When you’re Southwest Airlines and you’re running one of the most recognized and awarded corporate blogs, you take your website performance and updates seriously. As the main portal for news and culture, Southwest wanted to make sure their users were getting the best experience from their website. For RD2, this meant not only taking a microscopic look at the website and it’s servers, but also tweaking the design and layout functionality to improve the websites usability.
On the front-facing side of the website, RD2 added new endless scroll functionality to the website so that users don’t have to click to get to more content, updated and re-engineered the log in process to make it smoother and easier to connect your Blog Southwest account to other accounts like , and upgraded the social streams to give users new ways to connect and engage.
Behind the curtain, RD2 worked heavily to test and optimize the website to deliver content to the user faster than ever before. While a site like this runs on a custom-built server, RD2 took things several steps farther, utilizing multiple rounds of content compression, virtual and real-time caches, and a host of server level customization tweaks that now allow the website to support a new level of concurrent users. When load testing the SWA Employee Blog with similar server configurations, it was able to support enough virtual traffic to warrant a direct call from the hosting company to complain about an unprecedented slowdown across their entire network.
Below is a full list of the enhancements.
Note: As part of the new RD2 initiative to create our new framework, we are integrating many of the tips, tweaks, and magic spells that were learned into our standard operating procedure.
- Implemented infinite scrolling on blog roll & comments
- Turn off anonymous commenting
- Updated and styled Facebook Connect
- LUV Mail & SWA Star of the Month (read the LUV Mail post)
- Commenting: Set order Newest to Oldest
- Implemented “Featured Comments” and “LUV it” on Comments
- Add Foodspotting, Instagram, and Pinterest to the “More Ways To Go Nuts” global feature
- Removed Gowallas links and/or references from the “More Ways To Go Nuts” global feature and from within the user profile feature “Connect with Me”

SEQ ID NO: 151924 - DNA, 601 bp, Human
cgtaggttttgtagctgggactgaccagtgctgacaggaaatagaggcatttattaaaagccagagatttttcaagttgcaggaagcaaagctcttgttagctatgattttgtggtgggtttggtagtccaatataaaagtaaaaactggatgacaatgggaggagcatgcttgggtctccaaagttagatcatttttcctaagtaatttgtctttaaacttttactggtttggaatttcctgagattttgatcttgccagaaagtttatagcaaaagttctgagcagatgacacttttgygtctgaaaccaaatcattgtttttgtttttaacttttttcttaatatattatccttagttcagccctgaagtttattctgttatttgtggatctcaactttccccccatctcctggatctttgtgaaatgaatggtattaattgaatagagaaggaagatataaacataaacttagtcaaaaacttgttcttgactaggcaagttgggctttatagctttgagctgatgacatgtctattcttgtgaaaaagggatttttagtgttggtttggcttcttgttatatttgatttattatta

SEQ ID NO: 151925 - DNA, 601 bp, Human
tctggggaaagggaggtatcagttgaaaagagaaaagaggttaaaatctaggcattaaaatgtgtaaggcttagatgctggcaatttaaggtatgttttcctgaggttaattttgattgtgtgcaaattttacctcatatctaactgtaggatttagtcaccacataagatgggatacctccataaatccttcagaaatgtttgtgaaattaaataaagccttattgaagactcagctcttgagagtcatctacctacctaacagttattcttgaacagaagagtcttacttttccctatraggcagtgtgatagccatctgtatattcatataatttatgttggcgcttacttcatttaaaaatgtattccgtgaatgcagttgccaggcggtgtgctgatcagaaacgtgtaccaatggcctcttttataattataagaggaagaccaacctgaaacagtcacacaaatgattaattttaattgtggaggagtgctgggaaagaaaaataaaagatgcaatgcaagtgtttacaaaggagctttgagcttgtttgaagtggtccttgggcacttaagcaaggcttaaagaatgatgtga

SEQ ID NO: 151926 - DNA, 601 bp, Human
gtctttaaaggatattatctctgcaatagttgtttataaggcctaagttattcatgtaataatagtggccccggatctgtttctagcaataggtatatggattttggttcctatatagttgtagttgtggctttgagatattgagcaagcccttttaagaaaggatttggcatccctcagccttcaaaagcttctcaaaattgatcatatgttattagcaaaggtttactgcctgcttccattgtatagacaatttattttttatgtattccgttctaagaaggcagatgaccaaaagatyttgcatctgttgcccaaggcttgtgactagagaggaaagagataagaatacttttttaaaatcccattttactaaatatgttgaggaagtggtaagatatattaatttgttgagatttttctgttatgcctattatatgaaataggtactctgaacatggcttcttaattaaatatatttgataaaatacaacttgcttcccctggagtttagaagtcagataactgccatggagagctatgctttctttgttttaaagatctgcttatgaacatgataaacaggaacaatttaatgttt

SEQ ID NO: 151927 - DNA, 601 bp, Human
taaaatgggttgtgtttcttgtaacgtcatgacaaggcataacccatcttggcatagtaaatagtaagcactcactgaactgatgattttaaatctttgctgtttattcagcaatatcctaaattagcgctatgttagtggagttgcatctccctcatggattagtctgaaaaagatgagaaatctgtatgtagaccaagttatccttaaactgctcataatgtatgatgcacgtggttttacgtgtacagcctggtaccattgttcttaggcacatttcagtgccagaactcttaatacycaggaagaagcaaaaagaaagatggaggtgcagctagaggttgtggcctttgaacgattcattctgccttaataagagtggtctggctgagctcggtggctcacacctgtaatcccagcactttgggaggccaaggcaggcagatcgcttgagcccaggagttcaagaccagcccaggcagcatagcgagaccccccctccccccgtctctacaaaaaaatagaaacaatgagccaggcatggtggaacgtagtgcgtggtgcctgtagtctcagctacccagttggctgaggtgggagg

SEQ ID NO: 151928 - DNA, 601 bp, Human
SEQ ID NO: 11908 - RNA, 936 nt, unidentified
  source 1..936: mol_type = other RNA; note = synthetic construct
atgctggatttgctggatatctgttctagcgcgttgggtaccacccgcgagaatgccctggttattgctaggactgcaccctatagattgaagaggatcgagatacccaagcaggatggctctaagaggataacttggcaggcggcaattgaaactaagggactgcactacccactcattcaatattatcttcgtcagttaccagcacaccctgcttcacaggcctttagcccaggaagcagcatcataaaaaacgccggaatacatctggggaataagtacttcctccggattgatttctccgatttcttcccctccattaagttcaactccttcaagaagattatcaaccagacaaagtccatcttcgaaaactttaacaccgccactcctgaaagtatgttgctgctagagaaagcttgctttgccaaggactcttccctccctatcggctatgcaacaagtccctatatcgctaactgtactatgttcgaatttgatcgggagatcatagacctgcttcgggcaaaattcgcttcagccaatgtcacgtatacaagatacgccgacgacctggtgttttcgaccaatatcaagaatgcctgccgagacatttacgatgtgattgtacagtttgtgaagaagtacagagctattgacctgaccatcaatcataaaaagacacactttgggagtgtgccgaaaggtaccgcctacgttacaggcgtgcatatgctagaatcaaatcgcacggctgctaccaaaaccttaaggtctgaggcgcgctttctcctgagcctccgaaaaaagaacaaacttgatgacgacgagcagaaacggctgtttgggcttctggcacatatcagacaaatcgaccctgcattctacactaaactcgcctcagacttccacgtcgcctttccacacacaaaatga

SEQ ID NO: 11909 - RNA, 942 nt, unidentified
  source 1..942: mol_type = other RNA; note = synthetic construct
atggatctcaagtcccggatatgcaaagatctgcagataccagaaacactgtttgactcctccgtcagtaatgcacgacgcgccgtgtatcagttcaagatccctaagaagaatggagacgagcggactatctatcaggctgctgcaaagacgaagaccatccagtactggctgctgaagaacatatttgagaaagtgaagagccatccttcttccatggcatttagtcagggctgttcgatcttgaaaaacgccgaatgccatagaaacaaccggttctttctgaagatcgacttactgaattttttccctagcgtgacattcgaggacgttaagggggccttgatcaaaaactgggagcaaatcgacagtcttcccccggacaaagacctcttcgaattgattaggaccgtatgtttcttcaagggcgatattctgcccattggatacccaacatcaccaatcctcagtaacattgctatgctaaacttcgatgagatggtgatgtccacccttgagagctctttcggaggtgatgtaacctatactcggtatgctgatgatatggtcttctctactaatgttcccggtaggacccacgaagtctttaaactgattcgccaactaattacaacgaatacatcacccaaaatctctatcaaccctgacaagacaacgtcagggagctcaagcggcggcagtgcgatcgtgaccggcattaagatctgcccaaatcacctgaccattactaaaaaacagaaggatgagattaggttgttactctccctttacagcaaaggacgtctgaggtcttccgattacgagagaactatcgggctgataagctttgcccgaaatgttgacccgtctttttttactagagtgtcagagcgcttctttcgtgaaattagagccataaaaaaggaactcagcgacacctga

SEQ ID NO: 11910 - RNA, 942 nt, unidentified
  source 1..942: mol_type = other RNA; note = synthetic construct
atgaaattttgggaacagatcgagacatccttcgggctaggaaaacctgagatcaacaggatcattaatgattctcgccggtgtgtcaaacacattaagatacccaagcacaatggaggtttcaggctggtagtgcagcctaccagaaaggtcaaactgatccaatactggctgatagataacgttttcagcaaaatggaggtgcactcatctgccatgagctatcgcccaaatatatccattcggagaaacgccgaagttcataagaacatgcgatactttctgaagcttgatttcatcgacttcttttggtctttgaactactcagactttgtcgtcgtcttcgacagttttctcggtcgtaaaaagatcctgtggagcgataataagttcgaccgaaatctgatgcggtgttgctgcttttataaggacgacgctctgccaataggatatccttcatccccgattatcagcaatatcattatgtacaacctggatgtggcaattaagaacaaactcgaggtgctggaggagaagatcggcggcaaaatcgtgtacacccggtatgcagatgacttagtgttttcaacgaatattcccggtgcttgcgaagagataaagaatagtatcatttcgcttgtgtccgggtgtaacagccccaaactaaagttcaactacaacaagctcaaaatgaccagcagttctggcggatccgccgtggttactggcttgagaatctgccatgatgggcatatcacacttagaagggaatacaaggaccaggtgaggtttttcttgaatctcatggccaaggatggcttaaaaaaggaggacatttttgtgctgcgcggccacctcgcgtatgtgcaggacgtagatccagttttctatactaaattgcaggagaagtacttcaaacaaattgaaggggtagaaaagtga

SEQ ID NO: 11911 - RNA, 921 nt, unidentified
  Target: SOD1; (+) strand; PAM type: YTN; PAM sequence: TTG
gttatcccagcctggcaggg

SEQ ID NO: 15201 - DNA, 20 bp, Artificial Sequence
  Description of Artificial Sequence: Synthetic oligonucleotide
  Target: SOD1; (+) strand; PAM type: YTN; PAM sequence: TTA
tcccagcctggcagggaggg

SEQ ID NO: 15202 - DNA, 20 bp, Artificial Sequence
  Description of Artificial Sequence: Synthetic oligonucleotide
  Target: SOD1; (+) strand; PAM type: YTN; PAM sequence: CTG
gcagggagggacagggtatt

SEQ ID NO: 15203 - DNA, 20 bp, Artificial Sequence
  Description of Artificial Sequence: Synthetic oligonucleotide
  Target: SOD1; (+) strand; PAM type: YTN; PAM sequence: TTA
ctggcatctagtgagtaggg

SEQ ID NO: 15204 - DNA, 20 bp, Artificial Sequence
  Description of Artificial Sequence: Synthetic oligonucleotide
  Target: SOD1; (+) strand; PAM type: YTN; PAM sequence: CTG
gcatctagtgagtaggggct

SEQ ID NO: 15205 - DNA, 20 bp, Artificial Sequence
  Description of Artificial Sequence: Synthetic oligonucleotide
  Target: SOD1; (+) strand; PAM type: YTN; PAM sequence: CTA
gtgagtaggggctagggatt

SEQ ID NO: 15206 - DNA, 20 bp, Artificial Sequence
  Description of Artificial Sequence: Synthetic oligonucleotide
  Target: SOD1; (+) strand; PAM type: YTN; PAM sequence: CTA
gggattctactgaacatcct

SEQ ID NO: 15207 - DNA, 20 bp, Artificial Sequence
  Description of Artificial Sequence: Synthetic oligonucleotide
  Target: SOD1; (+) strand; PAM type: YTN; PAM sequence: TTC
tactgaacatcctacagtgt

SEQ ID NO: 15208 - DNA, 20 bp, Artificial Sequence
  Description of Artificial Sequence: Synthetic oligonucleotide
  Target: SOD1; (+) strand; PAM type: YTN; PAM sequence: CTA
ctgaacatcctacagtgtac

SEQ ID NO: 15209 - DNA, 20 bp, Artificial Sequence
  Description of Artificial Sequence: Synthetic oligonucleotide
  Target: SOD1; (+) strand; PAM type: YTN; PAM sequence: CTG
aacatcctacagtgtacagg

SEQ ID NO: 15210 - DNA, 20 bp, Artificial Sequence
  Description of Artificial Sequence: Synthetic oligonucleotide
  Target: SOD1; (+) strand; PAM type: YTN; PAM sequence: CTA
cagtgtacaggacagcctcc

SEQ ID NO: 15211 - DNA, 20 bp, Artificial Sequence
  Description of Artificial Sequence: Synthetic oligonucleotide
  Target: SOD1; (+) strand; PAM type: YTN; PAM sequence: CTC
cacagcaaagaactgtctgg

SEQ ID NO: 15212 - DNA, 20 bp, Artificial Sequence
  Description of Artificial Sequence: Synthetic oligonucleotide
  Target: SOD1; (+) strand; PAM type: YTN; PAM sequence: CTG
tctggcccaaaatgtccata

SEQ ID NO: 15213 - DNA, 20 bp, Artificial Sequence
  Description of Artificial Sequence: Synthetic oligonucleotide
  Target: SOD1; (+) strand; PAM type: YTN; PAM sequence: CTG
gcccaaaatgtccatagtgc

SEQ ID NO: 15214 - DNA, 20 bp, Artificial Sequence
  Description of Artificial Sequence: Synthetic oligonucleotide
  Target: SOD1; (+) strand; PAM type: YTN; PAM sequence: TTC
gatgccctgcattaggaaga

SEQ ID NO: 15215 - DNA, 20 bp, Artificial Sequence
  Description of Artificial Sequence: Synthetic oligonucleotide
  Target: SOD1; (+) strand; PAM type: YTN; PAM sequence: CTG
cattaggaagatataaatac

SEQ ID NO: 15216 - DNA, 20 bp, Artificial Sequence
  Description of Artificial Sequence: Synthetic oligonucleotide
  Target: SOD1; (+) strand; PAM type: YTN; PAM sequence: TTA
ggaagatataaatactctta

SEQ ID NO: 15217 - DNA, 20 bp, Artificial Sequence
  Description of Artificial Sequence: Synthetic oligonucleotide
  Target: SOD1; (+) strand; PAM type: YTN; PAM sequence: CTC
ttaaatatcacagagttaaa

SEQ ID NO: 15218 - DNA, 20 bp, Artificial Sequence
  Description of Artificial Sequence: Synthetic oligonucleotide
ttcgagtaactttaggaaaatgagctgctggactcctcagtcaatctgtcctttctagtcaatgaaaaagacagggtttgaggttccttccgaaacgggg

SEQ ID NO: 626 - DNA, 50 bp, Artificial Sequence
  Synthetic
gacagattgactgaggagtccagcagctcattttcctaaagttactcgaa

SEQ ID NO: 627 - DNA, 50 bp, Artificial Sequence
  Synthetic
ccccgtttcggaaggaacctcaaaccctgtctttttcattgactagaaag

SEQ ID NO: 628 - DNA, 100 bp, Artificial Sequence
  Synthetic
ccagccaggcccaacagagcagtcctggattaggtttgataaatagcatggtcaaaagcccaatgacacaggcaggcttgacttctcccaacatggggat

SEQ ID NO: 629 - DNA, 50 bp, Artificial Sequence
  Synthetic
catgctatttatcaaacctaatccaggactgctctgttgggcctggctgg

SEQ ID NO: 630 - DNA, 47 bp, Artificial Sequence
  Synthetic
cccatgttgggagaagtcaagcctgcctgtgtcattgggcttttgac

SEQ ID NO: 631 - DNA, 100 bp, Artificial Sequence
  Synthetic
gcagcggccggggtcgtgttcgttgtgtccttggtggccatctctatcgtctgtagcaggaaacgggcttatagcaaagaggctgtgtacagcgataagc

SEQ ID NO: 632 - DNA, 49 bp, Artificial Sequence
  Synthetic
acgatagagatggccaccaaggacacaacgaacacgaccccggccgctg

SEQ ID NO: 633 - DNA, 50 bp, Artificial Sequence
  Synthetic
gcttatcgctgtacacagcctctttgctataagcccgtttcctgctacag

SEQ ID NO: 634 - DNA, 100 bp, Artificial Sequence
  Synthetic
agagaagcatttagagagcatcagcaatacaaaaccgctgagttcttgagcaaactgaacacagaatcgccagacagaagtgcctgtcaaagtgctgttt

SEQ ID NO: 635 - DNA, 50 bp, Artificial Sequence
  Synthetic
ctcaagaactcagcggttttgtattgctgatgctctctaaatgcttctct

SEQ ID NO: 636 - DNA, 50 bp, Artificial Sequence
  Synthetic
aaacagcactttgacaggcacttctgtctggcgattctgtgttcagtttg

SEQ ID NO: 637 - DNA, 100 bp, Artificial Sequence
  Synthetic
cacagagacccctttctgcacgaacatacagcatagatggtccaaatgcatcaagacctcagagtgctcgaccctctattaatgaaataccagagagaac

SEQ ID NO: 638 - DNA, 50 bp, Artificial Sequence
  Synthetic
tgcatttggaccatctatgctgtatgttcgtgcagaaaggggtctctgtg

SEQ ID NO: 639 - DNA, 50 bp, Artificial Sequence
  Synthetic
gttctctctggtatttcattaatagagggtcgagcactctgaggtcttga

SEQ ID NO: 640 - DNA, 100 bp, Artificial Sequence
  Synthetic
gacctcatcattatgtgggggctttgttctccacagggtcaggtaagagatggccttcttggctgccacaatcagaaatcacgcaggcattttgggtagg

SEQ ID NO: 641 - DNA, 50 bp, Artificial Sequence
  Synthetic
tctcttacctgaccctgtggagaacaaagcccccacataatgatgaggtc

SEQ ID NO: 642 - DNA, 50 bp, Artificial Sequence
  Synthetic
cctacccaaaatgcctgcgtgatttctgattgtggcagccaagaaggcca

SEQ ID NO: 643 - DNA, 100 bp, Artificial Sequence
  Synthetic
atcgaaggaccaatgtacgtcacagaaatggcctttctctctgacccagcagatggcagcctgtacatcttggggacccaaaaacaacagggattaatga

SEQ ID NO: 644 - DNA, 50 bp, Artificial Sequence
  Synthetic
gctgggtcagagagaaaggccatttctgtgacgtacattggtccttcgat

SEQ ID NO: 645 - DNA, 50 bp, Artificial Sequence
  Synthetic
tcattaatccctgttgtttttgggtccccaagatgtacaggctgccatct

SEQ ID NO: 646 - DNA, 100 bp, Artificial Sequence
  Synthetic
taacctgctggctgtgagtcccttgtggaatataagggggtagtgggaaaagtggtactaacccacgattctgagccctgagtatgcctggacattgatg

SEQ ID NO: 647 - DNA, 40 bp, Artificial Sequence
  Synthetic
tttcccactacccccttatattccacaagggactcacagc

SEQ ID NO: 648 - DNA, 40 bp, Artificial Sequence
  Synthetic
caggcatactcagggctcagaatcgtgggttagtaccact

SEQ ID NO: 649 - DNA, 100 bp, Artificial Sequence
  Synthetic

- Reduce Social Stream Spamming
- Add Google+ to sharing
Aug 23 2012
One of my first projects here at RD2 was to migrate a site from ExpressionEngine over to WordPress. Part of that process involved making a hard decision:
“Do we migrate the content manually, create a custom database migration script, or is there a better way?”
It turned out that there was a much better way to accomplish what we were after. It was a little custom, but more importantly – it was reusable. The solution I came up with was to create a template within ExpressionEngine, that would output a WordPress XML / WXR import file. That sounds twisted, right?
Because we believe in open source and that it would truly be a disservice to the community of users and developers to keep this sort of thing to ourselves, we’ve decided to release this code snippet for everyone to use. Now thinking about migrating from ExpressionEngine to WordPress might not be such a challenge. You can tweak this to serve your own specific needs; I’ve set it up in a way that should cover enough ground for many use-cases. more…
Aug 22 2012
WordCamps have been going on for years across the globe, but where did they start? San Francisco 2006! Every year since then, San Francisco has hosted WordPress users and developers from across the world. I’ve never been to WordCamp San Francisco, or WCSF for short, but this year I decided I just couldn’t let it pass me up again. The decision to attend WCSF 2012 has turned out to have an profound effect on me..
Lesson Learned — You can only get two of these three: Features, Stability, On-time
Matt Mullenweg said this in his State of the Word 2012 keynote, and it really hit home for me. This is something that I’ve gotten wrong with my own project, the Pods Framework, of which I am the lead developer. I have spent two years developing the next major release, Pods 2.0, with features and stability as my primary focus. The problem with that? Time. It takes more time to get every single feature in, and instead of prioritizing and pushing less important features further into future releases, I focused on getting all of the features that I had wanted — all at once. more…